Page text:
• Regularly, we intentionally scale back our stage musicians and worship leaders to encourage congregational singing. We have found that if our music is too loud and over-powering we actually discourage the congregation from singing powerfully. In fact, we desire that our church’s singing would over-power the band every week! We also have a very bright sanctuary with large windows all around. We love that we can see and interact with one another in our corporate worship and believe it actually helps us facilitate the picture we see in Col. 3:16 and Eph. 5:19 (“addressing one another” in songs).

4. Covenant MembershipUtilizing Members (not professionals)

  • We believe covenant members should occupy visible leadership positions within the worship ministry. The way that we see the church in Scripture profoundly shapes this conviction (not just in worship ministry, but all throughout our church). Fundamentally, a church in the New Testament is an assembly (ecclesia) of believers; believers that have gathered to edify one another and participate in the ordinances (Lord’s Supper and Baptism).

  • We welcome, hope, and expect non-believers to be present every time we gather as a church. We believe that one of the most powerful evangelistic opportunities that the Lord gives us is our corporate gatherings where non-believers will regularly hear the gospel preached, see the gospel shine through the Lord’s Supper and Baptism, and get to (in part) experience the gospel in our supernatural love for one another (John 13:35).

  • Practically, in our church we consider the role of worship leaders and band members a weighty calling. James tells us that “not many of you should be teachers” (3:1) because our judgment will be stricter. We believe worship leaders are teachers – they are weekly putting scripture and theology into the hearts and minds of congregants and often it is the music that people leave remembering most. This is unbelievably weighty!

  • Our worship leaders and band members are committed, covenant church members like everyone else. Because they are set on a leadership platform every week, we expect them to be exemplary church members and possess high Christian character. More than that, it is our conviction that every person on stage leading music is fundamentally a worship leader (band members included). Non-believers cannot worship God because they haven’t bowed down to or surrendered to Jesus yet, and they don’t have the Spirit of God within them. Therefore, non-believers fundamentally cannot lead worship.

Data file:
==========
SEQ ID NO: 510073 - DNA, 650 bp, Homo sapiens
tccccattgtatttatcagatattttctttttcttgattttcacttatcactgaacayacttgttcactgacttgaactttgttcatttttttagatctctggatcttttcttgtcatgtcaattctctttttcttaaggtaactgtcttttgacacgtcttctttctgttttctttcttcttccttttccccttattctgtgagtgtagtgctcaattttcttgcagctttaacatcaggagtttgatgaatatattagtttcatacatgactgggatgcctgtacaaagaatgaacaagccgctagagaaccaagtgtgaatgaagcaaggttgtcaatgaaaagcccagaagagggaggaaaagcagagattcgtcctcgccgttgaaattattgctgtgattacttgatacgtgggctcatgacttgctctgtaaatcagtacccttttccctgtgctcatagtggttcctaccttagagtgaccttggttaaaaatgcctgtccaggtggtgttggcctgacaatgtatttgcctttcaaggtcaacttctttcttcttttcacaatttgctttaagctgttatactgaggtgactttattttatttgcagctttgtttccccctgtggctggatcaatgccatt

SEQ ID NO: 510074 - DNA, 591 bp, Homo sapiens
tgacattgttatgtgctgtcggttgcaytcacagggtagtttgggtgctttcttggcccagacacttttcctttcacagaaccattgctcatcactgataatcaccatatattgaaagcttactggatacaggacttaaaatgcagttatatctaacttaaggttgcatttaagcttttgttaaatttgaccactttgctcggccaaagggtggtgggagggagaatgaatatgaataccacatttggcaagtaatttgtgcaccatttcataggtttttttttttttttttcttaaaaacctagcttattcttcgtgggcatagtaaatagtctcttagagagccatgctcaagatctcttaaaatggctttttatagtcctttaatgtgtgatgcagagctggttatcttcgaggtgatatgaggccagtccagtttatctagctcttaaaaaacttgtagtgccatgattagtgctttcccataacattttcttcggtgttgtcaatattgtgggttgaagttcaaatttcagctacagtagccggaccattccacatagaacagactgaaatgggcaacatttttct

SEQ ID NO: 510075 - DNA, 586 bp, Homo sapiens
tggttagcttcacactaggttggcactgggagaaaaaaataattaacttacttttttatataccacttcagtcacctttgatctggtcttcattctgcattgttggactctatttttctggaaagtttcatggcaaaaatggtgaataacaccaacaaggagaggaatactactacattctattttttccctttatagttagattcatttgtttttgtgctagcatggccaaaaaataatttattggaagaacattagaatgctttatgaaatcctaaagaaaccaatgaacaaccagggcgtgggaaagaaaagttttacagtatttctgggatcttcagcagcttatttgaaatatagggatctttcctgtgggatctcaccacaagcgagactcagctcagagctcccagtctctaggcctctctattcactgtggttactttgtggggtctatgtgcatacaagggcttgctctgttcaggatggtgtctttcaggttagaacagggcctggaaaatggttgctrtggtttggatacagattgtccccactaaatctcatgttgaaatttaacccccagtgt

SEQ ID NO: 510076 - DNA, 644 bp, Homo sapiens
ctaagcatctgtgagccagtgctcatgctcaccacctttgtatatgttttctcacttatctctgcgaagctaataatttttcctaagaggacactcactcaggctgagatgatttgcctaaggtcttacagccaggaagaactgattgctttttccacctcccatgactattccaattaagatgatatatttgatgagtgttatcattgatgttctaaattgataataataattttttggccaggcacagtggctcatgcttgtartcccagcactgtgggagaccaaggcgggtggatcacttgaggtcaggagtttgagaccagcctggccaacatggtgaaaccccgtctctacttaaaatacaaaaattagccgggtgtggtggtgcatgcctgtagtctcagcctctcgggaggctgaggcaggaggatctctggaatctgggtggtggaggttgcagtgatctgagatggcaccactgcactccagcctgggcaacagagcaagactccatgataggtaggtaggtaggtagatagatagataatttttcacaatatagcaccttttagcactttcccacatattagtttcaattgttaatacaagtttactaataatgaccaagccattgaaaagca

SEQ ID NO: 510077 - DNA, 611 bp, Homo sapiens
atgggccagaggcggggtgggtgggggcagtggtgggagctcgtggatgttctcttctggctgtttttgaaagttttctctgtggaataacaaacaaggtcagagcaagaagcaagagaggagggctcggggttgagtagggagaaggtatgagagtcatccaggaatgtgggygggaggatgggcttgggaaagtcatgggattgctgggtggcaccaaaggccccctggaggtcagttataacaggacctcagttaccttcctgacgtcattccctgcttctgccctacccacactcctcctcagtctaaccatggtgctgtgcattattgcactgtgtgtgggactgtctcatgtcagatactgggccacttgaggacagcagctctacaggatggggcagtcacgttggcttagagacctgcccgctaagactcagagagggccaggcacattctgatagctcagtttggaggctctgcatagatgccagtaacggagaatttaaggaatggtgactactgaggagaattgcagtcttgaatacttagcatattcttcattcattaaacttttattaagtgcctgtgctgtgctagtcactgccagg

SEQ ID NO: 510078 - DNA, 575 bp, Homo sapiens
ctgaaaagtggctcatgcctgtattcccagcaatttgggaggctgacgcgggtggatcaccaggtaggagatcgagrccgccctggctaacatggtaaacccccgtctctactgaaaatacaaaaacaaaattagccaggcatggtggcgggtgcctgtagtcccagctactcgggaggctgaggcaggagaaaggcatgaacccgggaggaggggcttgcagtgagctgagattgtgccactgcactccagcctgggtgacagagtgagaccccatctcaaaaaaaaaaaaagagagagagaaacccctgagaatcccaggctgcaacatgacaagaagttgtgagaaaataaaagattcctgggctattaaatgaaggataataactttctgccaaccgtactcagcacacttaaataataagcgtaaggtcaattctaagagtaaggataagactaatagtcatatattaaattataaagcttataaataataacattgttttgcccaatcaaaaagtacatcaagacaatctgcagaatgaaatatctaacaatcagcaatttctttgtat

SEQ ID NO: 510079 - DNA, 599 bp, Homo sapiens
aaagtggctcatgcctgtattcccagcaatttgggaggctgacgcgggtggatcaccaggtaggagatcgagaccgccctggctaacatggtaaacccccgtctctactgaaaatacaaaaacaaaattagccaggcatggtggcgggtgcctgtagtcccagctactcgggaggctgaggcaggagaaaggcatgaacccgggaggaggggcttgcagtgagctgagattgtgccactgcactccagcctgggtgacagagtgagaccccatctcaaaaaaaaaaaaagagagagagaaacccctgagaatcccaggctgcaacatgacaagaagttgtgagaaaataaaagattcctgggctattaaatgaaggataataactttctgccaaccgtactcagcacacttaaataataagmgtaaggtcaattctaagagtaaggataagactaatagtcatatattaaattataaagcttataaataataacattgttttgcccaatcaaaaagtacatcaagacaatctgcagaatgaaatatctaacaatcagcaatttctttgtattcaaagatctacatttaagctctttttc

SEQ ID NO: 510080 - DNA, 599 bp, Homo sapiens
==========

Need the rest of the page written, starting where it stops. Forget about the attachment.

• Professional musicians (non-church members) may have a place in church music occasionally (special events), but we believe that a stage that is regularly filled with paid professionals (not to mention probably unbelievers) is actually counterintuitive to the gospel message. Too often it can show that we value production and “excellence” over gospel fidelity and character in leadership. To be clear, we do value biblical excellence and quality in worship and seek every opportunity to remove any obstacle that would distract from displaying the glory of Christ through song every week.

5. Unified Worship

  • We believe in a unified vision of ministry at First Irving. In Titus chapter 2 we see a beautiful picture of multi-generational ministry. Older men and women are to disciple the younger generation, “showing [themselves] in all respects to be a model of good works” to the watching eyes around them. We desire our older members to be present around our younger members in consistent and meaningful ways.

  • Practically, in our corporate worship context, we desire to have everyone worshiping together – rather than separated by style or age. So, even though we do seek to faithfully make our music contextual, we do not necessarily cater to any specific generation in our musical worship. God in His great grace has given us many generations of people in our church. Our hope is to, by God’s grace, disciple all of them and prepare them for eternity.

  • More than this, we see it as such a benefit to worship alongside multiple generations of people – both the older and younger. We believe it portrays a greater picture of the gospel in that what unites us (Jesus Christ) is so much greater than what could potentially divide us.

  • So our music will include new and old songs. As stated earlier, we feel no pressure to play only what is “current,” instead we want to choose old and new songs that, as Keith Getty says, our people can “grow old with.” Again, we want songs that won’t just get our people through the week (though we certainly want to do that!), but rather prepare our church family to meet Christ in eternity!